Theory test preparation

You need a high standard of driving knowledge to pass the ADI theory test. Having a thorough understanding of these topics will help you teach your pupils to drive safely.

The ADI theory test is in 2 parts and costs £81.

Multiple choice

Hazard perception

You’ll need to complete a criminal record check and been given permission by the ADI registrar before you can apply for the test.

Multiple choice theory test

About this test

  • You have 90 minutes
  • Answer 100 questions

There are 25 questions on each of these 4 categories

  1. Road procedure
  2. Traffic signs and signals, car control, pedestrians and mechanical knowledge
  3. Driving test, disabilities and law
  4. Publications and instructional techniques

How to prepare


eLearning on-screen of mobile, tablet and desktop

Learn online with your preferred device and track your learning progress.

  • study the key topic areas
  • practice questions focused on the 4 categories
  • test yourself with our official "test view" option.

eLearning test readiness dsahboard needle icons

Our eLearning will measure your test readiness based on your progress, so you can be confident you're fully prepared on the day of your test.

In the multiple choice test, you’ll need to show your knowledge of instructional techniques and the rules of the road.


Preparing for your theory test will help you to understand what your pupils will be going through as they prepare for their test. Think about how you find the process and what you find helpful so you can use this to support your pupils in the future.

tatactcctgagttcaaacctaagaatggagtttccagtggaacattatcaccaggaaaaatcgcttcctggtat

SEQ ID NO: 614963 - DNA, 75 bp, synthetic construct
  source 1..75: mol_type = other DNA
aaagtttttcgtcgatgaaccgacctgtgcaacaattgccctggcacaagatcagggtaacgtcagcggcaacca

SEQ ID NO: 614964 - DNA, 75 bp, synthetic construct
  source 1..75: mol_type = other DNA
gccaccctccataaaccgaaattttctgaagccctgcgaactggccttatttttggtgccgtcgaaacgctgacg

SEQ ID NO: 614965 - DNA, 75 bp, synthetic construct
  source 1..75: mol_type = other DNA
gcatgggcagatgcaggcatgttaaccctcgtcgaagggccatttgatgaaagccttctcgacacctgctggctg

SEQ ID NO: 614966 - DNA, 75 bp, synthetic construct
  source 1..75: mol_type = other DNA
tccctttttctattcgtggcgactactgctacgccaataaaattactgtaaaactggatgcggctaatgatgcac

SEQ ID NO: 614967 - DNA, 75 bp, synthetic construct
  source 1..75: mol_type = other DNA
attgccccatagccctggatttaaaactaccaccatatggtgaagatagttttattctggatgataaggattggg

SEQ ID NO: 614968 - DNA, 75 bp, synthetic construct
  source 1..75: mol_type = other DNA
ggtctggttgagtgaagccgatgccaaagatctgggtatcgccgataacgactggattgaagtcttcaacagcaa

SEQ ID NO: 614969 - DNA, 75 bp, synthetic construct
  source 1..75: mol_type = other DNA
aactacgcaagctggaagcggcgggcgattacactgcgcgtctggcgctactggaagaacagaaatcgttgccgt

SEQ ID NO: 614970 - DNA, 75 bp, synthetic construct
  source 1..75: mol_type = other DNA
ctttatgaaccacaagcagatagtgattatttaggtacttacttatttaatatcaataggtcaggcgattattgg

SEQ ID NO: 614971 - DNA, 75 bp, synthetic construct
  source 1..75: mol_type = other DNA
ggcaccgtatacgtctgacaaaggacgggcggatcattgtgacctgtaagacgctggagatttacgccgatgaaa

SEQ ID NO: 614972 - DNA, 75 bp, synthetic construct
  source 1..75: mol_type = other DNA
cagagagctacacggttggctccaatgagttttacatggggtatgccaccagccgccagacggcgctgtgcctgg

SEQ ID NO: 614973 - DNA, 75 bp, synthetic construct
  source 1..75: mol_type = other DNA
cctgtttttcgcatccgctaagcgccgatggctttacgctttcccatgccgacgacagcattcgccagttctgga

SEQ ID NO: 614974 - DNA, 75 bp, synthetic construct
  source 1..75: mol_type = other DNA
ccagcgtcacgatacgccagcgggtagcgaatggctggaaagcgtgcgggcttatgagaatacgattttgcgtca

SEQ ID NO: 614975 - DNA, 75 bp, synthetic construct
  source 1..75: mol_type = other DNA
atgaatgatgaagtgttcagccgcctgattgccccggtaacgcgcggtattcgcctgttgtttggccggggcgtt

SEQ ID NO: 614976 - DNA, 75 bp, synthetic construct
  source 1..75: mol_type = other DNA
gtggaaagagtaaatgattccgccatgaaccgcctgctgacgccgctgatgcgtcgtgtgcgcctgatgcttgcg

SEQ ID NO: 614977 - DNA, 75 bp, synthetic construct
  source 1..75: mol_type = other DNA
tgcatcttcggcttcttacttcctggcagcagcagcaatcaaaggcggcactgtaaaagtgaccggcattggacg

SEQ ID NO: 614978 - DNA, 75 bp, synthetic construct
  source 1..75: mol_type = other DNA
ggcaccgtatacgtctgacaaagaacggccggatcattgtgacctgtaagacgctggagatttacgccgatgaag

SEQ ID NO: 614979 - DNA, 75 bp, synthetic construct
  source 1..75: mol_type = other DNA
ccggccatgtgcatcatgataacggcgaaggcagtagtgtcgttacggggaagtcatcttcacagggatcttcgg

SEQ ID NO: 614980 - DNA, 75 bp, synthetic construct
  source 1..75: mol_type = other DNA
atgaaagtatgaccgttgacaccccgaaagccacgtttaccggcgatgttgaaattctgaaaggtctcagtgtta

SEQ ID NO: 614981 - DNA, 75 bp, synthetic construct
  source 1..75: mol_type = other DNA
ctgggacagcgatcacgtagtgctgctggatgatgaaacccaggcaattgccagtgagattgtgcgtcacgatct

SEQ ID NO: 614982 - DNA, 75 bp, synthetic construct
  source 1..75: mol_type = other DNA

Free test resources for multiple choice

Tips for helping you learn

There are lots of tricks you can use to help you learn what you’ll need to know for your test. Here are a few ideas.

  • Link what you’re learning to your own experiences: for example, think about where you’ve seen an example of a road sign and use this to help you remember what the sign means.
  • Use mnemonics: these are sayings or stories that help you remember something – for example, ‘Richard Of York Gave Battle In Vain’ reminds you of the colours of the rainbow (red, orange, yellow, green, blue, indigo, violet).
  • Practise the question formats: as well as knowing all the information, you’ll also need to know how the questions are asked in the test. Use the practice test and the self-assessment questions in the eLearning training.
  • Plan your study: set yourself some timelines and targets. This will help you to see your progress and make sure you have not missed anything. Plan to do your studying somewhere you will not be disturbed and at a time when you’re fully awake.
  • Get help: use friends, family, your instructor or your colleagues from work to ask questions and share driving experiences.

It might be a while since you did any studying so allow yourself plenty of time to find out what works best for you.

Hazard perception

About the test

  • 14 clips (1 clip contains 2 developing hazards)
  • 5 points (max) per developing hazard response
  • 57 out of 75 to pass

This test measures your ability to spot developing hazards, something that might need you, as the driver, to take action.

For example: a car pulling in to the side of the road ahead of you is a developing hazard because you may need to slow down and manoeuvre around it or stop.

How to practise

This part of the test checks you can recognise and respond to hazards that could happen while you’re driving. Being out on the road with your instructor will help you prepare for this part.

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Free test resources

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